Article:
Nelson Mandela’s great-grandson, television presenter and political activist Mayibuye Mandela, has opened a case of assault against the police, whom he claims beat him without provocation at the weekend.
Mandela, 27, told the Dispatch his legal team was writing to SA police minister Bheki Cele, national police commissioner Gen Khehla Sitole and provincial police commissioner Lt-gen Liziwe Ntshinga about his intention to sue the SAPS for police brutality.
He said he and two friends were driving in a bakkie on the gravel road from Mqhekezweni great place outside Mthatha at 8.30pm on Saturday when they were stopped by four police officers. “It was raining. They told us to get out of the vehicle as they wanted to search it.
“They ordered me to lie on my stomach face down in the dirt. I told them it was raining and I would get dirty. I asked if I could lean against the car so that they could do whatever they wanted to do.”
Mandela said one of them accused him of thinking he knew too much about the law.
“A policewoman and a policeman started beating me with a stick. They forced me down and I ended up sustaining bruises to my face as they put their boots on my head to suppress me.”
Mandela said his other two friends were slapped in the face by the two police officers. He said the attack on him lasted about five minutes. He said he had bruises on his back from being beaten with a stick.
One of his two companions was an older man who is a lawyer by profession. Mandela said all three had been ordered to lie flat on their stomachs.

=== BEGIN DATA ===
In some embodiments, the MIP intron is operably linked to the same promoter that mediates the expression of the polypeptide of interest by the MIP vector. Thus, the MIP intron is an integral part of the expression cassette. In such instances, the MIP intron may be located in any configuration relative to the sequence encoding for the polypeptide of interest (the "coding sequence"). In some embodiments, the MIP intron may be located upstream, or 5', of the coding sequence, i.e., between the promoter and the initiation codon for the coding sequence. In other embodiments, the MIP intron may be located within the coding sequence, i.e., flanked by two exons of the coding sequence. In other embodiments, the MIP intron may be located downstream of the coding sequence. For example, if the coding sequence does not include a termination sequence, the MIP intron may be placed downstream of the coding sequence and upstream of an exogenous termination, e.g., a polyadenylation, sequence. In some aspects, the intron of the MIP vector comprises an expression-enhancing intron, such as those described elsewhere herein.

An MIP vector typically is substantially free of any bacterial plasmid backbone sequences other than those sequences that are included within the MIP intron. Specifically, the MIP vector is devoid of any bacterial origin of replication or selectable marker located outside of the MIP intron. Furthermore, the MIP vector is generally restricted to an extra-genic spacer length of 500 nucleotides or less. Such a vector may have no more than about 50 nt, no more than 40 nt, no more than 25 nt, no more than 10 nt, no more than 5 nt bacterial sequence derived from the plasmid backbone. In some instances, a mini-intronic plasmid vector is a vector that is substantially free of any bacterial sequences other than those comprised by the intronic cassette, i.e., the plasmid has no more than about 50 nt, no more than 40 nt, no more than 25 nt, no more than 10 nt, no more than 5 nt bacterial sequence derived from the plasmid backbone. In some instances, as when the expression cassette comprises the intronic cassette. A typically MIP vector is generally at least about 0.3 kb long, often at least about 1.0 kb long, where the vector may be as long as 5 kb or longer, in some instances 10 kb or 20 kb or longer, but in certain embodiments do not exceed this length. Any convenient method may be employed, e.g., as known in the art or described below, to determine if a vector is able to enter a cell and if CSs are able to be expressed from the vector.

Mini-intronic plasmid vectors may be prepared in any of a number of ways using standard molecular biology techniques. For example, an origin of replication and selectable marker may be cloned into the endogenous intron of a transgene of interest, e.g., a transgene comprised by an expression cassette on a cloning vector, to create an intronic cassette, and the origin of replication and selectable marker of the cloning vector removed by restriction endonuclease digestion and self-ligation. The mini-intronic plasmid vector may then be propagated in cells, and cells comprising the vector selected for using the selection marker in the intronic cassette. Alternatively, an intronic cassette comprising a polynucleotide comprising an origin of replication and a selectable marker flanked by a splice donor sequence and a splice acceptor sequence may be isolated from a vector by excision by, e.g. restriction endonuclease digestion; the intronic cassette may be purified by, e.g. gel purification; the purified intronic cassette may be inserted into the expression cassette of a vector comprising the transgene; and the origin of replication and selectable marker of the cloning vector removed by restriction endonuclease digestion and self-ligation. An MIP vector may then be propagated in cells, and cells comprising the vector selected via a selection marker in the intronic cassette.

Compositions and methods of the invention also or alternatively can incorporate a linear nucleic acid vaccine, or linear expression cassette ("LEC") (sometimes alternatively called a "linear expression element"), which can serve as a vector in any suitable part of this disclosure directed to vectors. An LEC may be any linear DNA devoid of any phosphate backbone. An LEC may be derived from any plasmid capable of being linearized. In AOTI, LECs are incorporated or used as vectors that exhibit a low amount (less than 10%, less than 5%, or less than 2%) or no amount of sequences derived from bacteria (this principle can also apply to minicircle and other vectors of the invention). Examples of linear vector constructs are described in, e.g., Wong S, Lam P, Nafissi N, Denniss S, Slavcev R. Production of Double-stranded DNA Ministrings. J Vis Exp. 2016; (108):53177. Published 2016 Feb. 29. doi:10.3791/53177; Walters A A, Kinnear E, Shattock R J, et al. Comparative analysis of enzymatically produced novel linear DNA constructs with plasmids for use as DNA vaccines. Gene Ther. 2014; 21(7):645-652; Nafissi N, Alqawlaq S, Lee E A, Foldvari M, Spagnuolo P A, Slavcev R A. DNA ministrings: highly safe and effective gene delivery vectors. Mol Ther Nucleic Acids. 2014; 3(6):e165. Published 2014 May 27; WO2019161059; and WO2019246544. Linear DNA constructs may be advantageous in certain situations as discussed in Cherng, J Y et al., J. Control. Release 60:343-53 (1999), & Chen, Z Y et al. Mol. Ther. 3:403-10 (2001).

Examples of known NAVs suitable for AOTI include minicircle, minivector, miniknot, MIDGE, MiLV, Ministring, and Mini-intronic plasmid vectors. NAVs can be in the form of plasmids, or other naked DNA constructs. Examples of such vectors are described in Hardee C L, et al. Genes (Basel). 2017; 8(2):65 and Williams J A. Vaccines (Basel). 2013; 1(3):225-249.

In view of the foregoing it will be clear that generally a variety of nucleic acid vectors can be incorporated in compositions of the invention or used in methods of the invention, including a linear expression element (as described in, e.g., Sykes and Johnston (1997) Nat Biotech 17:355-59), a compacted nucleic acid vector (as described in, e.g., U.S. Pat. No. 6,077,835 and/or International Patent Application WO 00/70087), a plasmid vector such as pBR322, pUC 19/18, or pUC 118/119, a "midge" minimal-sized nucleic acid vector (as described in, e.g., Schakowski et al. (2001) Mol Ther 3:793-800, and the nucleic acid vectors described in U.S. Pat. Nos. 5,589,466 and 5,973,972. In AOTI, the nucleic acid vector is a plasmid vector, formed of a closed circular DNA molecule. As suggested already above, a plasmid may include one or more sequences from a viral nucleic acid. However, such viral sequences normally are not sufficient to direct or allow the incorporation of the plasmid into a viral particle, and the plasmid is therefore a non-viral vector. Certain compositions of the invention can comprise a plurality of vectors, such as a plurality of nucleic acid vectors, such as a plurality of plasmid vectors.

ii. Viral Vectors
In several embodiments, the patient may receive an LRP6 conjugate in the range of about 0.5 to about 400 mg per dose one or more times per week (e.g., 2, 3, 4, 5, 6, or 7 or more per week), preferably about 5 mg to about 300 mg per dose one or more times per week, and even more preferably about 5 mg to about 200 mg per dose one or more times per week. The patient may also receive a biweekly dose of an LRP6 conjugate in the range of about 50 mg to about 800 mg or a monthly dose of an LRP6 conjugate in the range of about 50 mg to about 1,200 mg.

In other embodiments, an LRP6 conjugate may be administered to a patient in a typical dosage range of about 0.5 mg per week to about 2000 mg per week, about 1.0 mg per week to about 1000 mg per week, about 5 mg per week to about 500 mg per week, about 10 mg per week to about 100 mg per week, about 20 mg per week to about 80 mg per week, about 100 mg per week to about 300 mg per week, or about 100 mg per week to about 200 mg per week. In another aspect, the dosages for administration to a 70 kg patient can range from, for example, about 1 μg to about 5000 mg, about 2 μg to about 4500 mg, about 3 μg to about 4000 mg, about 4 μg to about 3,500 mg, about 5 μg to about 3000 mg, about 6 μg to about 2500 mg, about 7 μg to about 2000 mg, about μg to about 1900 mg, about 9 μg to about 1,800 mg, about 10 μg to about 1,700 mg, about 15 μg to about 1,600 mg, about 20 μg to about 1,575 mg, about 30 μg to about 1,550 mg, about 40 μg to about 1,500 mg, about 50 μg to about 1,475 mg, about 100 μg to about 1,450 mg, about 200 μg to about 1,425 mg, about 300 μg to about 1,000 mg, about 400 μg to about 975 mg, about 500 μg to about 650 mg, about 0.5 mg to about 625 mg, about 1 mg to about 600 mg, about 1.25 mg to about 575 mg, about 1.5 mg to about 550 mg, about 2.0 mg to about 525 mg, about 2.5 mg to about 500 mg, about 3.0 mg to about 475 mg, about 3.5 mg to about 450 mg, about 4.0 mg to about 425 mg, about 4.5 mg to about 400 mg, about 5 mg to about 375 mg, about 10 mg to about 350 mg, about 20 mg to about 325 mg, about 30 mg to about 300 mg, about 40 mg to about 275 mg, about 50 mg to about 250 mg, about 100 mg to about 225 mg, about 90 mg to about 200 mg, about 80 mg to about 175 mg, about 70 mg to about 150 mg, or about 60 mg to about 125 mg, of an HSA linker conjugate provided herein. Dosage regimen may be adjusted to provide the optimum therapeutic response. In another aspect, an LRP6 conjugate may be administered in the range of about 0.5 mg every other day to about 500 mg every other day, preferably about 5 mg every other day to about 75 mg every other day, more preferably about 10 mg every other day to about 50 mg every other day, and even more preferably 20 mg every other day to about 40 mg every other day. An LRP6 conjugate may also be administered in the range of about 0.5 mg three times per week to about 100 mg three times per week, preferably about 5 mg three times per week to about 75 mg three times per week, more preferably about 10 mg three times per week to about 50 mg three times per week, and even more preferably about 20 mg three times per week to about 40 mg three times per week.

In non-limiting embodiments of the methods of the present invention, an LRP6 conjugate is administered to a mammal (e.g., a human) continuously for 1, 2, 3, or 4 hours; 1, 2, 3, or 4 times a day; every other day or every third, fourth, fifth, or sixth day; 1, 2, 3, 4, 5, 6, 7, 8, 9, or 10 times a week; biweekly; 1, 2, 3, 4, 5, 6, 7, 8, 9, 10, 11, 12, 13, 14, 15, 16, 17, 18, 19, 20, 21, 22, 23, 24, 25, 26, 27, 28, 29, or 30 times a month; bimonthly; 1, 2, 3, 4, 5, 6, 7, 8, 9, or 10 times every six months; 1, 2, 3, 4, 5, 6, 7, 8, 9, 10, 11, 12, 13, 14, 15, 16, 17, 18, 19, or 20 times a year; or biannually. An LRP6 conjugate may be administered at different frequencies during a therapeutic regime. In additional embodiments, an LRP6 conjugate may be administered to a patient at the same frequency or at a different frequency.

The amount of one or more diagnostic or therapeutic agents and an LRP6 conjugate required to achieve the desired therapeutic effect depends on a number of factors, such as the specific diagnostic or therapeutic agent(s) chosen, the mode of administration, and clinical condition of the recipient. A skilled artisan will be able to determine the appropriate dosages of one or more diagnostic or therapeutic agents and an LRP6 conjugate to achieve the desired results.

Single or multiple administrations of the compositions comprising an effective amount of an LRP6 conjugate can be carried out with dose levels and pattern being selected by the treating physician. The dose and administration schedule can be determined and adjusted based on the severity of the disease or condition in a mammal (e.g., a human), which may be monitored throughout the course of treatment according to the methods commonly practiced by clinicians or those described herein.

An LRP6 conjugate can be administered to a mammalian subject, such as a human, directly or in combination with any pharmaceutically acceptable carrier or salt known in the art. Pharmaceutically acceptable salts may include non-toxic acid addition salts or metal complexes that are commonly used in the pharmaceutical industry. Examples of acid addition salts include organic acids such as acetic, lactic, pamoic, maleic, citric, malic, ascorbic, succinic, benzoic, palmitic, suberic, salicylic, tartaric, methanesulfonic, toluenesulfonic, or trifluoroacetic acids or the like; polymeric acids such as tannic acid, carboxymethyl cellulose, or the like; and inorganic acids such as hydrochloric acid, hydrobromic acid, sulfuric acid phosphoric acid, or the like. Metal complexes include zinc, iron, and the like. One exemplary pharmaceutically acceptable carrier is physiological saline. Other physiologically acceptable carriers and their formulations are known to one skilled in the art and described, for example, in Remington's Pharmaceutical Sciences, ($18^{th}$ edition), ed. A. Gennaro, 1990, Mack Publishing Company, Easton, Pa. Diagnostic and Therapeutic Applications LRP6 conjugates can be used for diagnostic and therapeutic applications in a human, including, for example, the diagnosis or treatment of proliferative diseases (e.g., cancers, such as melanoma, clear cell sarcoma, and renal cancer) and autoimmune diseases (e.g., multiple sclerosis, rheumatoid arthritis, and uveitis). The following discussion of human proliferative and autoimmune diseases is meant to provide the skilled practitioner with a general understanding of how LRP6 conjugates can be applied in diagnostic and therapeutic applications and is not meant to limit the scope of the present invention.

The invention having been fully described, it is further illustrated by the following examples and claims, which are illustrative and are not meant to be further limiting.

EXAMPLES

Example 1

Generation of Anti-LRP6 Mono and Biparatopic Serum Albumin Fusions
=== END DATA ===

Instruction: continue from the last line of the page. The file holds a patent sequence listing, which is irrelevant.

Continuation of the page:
“I kept on complaining and questioning why we should have to lie down. It’s not like they found anything wrong in the car.”
He said afterwards they had been ordered to get into their bakkie and “get out of here”.
Initially the trio wanted to drive directly to the Bityi police station but the police officers told them they would probably meet more police officers on the road.
So instead they drove to the lawyer’s home in Mqhekezweni, where they spent the night. He said he took pictures of his injuries before going to bed.
“I went to the doctor on Sunday and immediately after that I went to the Mthatha central police station to open a case but batshona bevela phaya [they were ducking and diving there]. They told me I had to go to Bityi but I told them I did not have a car to get there.”
He said he went to the Madeira police station and after being sent from pillar to post, eventually managed to open a case.
But he only received an SMS confirming the case number on Tuesday.
Sinaye Tywaku, 21, who is from Tsolo and had gone to attend an event at Mqhekezweni, was Mandela’s other companion at the time of the incident.
He said he had been beaten with a stick on his knee by the police officers.
“I can’t straighten my knee even now,” he told the Dispatch on Tuesday.
He said the trio had not done anything to provoke the police. He had also been ordered to lie down on his stomach.
Tywaku said he was trying to open his own assault case against the police.
Mandela said acts of police brutality had no place in a new and democratic SA.
“I am still in shock. It is not because of my surname that I am doing this [laying charges]. It is because police need to understand that in this day and age, police brutality cannot be tolerated.”
The Johannesburg-based Mandela presents a political programme on Mpumalanga Broadcasting TV.
He described the officers’ actions as reminiscent of the apartheid regime.
He also accused the cops of copying the brutal Americanstyle policing that led to the death of George Floyd.
Floyd died in Minneapolis, Minnesota after police officer Derek Chauvin kept his knee on Floyd’s neck for nine and half minutes.
Provincial police spokesperson Brig Tembinkosi Kinana confirmed on Tuesday that a case of assault had been opened at Bityi police station.
He said the Independent Police Investigations Directorate would take over the investigation and declined to comment further.